Beautiful Tudor dollhouse stitching to look at…

If you are into dollhouses, you’ll know that it isn’t always easy to find things suitable for a Tudor house. But this week, I had an email from a customer of mine, with images of her beautiful Tudor dollhouse stitching to look at – photographed in the most amazing 12th scale doll’s house.

This customer (who’d prefer to be anonymous, so I’ll call her SB), has bought many of my kits over the years. She has several doll’s houses, but this Tudor one is her favourite, and the biggest! She explains the size of the house by saying that four poster beds are quite large, so she felt that the rooms needed to be large too, to accommodate them…and it just grew. She designed the house herself, and her husband had it made for her as a special birthday present. I think it’s a really interesting design, and looks just like a ‘real’ house.

Here’s the master bedroom, with a four poster bed in it. SB made the doll in this room from a kit, but the clothes were made by her from scratch. She also made the floor cushion on the left of the picture from scratch. The rug on the floor is one of my kit designs, called ‘Natalia’. There’s also a bolster pillow on the bed, made from one of my kits called ‘Eleanor’. The instructions for this kit show you how to make the end tassels, that are only half an inch long!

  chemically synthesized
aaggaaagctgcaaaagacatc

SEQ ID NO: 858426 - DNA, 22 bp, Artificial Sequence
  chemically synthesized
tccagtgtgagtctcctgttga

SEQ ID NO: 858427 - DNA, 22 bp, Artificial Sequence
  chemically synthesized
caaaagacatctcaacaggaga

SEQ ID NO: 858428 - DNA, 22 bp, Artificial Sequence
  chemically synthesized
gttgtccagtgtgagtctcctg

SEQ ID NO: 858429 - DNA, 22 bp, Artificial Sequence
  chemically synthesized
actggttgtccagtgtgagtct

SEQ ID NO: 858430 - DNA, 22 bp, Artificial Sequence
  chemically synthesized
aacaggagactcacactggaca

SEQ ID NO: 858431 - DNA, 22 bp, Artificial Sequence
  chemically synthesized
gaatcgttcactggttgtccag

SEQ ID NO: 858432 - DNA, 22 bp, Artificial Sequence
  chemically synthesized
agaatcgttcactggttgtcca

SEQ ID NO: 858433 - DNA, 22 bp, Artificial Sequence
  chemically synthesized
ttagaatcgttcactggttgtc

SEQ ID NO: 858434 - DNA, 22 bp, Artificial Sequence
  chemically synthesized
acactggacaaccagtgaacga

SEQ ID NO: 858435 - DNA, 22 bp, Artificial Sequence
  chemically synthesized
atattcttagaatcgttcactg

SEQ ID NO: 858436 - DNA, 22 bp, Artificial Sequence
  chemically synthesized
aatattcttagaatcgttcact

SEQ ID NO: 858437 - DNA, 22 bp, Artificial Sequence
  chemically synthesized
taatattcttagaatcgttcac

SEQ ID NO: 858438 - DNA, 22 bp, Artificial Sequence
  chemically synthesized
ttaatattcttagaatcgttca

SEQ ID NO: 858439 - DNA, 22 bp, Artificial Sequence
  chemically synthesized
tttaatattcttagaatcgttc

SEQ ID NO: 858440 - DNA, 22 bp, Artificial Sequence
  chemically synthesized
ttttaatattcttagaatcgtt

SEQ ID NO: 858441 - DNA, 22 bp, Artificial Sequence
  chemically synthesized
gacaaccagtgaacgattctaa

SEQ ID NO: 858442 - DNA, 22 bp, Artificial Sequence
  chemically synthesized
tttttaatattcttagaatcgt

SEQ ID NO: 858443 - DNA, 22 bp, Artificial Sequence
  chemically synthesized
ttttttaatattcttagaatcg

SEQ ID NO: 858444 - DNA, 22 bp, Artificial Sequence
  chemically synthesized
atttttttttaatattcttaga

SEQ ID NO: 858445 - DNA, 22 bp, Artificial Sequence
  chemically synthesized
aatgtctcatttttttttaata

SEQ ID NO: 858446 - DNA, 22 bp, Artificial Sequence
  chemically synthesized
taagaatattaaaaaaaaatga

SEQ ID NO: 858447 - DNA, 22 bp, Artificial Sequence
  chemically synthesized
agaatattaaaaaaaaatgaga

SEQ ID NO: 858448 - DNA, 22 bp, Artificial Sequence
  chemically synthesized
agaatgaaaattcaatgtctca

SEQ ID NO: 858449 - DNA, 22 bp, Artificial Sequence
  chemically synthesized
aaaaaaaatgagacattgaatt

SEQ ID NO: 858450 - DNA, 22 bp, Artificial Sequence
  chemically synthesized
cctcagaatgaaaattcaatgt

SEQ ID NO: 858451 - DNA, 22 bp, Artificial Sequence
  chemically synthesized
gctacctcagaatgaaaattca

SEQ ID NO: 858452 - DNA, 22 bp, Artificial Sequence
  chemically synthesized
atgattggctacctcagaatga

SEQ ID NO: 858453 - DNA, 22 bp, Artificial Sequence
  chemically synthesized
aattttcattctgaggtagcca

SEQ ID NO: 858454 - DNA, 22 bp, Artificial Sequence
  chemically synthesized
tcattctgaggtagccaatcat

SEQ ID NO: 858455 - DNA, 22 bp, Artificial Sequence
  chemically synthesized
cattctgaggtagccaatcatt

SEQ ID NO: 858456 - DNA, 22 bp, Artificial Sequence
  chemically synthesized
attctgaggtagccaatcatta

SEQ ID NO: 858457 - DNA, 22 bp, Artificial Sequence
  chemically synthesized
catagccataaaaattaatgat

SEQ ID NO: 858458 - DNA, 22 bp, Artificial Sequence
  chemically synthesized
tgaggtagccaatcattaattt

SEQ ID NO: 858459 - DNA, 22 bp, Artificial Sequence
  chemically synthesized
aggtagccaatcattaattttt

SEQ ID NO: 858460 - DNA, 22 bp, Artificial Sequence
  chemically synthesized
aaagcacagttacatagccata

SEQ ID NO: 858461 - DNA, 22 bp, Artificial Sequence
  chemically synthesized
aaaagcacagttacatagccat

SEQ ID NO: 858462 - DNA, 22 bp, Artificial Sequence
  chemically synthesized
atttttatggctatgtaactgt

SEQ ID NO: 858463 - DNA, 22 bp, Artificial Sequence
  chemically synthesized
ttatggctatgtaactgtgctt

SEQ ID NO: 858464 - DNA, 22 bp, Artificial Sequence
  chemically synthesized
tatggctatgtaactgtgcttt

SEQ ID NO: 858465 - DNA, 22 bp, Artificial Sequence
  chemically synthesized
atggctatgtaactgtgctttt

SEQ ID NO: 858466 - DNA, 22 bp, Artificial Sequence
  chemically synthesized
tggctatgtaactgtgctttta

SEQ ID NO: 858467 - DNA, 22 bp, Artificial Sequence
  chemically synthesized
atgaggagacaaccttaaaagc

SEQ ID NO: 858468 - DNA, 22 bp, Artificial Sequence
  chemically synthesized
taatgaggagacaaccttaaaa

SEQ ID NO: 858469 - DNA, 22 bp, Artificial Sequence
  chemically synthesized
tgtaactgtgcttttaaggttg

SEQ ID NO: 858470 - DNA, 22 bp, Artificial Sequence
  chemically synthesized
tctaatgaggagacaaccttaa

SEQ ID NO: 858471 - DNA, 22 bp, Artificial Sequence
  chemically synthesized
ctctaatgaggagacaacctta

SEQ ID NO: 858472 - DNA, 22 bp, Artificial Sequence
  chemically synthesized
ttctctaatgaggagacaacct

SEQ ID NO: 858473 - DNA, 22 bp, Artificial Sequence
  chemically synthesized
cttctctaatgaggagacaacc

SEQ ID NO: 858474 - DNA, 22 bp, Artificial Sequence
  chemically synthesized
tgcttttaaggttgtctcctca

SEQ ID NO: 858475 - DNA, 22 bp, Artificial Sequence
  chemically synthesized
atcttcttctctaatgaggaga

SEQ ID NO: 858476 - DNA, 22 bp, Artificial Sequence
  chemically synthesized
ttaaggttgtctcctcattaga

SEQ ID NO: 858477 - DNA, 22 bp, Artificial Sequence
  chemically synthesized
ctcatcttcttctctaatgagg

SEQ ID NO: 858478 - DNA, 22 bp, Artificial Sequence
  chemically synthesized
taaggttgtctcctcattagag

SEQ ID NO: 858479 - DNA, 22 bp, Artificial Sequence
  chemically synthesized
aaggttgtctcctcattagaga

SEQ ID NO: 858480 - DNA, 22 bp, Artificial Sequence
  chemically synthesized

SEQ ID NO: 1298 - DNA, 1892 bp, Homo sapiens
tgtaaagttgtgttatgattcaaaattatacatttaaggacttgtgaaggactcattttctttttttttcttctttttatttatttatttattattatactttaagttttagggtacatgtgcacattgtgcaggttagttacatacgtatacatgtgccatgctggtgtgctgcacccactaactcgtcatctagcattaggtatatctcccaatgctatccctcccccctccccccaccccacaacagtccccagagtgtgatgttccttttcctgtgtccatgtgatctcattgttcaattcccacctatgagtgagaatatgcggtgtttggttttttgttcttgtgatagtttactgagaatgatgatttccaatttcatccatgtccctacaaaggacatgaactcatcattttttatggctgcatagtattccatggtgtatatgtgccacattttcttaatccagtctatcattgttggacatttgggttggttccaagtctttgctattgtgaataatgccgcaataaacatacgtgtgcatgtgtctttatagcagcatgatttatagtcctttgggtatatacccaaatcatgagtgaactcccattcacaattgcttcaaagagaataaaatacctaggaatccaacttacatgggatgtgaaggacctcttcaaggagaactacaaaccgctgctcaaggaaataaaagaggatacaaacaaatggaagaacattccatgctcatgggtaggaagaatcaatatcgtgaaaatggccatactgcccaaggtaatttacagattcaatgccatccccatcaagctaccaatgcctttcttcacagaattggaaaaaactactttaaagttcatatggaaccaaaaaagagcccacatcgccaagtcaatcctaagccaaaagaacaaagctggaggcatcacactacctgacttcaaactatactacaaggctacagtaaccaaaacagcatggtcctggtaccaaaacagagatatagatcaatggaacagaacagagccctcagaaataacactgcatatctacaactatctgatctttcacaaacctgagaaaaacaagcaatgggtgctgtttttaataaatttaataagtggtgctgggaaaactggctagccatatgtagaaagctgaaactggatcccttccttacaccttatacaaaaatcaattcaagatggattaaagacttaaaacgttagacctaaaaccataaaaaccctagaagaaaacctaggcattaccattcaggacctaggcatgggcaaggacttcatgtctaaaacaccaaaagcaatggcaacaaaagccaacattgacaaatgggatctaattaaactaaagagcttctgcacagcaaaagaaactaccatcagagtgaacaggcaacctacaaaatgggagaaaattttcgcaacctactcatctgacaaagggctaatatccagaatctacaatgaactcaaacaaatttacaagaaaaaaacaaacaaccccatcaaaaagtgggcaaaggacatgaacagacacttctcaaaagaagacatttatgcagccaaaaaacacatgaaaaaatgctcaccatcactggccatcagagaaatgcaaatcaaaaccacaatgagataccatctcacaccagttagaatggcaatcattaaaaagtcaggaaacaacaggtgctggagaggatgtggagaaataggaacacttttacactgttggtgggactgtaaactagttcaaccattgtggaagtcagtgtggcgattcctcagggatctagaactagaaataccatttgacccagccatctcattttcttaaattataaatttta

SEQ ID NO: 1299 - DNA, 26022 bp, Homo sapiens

Tudor dollhouse needlepoint bedroom 1

Here is the main hall. It’s a magnificent piece of miniature construction. I love the panelling! At each side of the hall are Cluny tapestries – the one on the left is the ‘Cluny Merchant’, and the one on the right is the ‘Cluny Maid’. The needlepoint kits for these have 22 count canvas in, and all the materials to complete the wallhangings, including the wooden poles. The carpet is called ‘Elizabeth’, and is stitched on 18 count canvas. The other stitching in this room is from a book that SB owns.

Tudor dollhouse needlepoint hall 1

In a detail of this room, you can see the very well-dressed man on the left hand side.

Tudor dollhouse needlepoint hall

This is another bedroom, with a half tester bed. SB stitched the blackwork covers and cushions for this bed to her own designs. The rug in the background is one of my designs, but I no longer sell this one. It goes really well in this room, though.

Tudor dollhouse needlepoint bedroom blackwork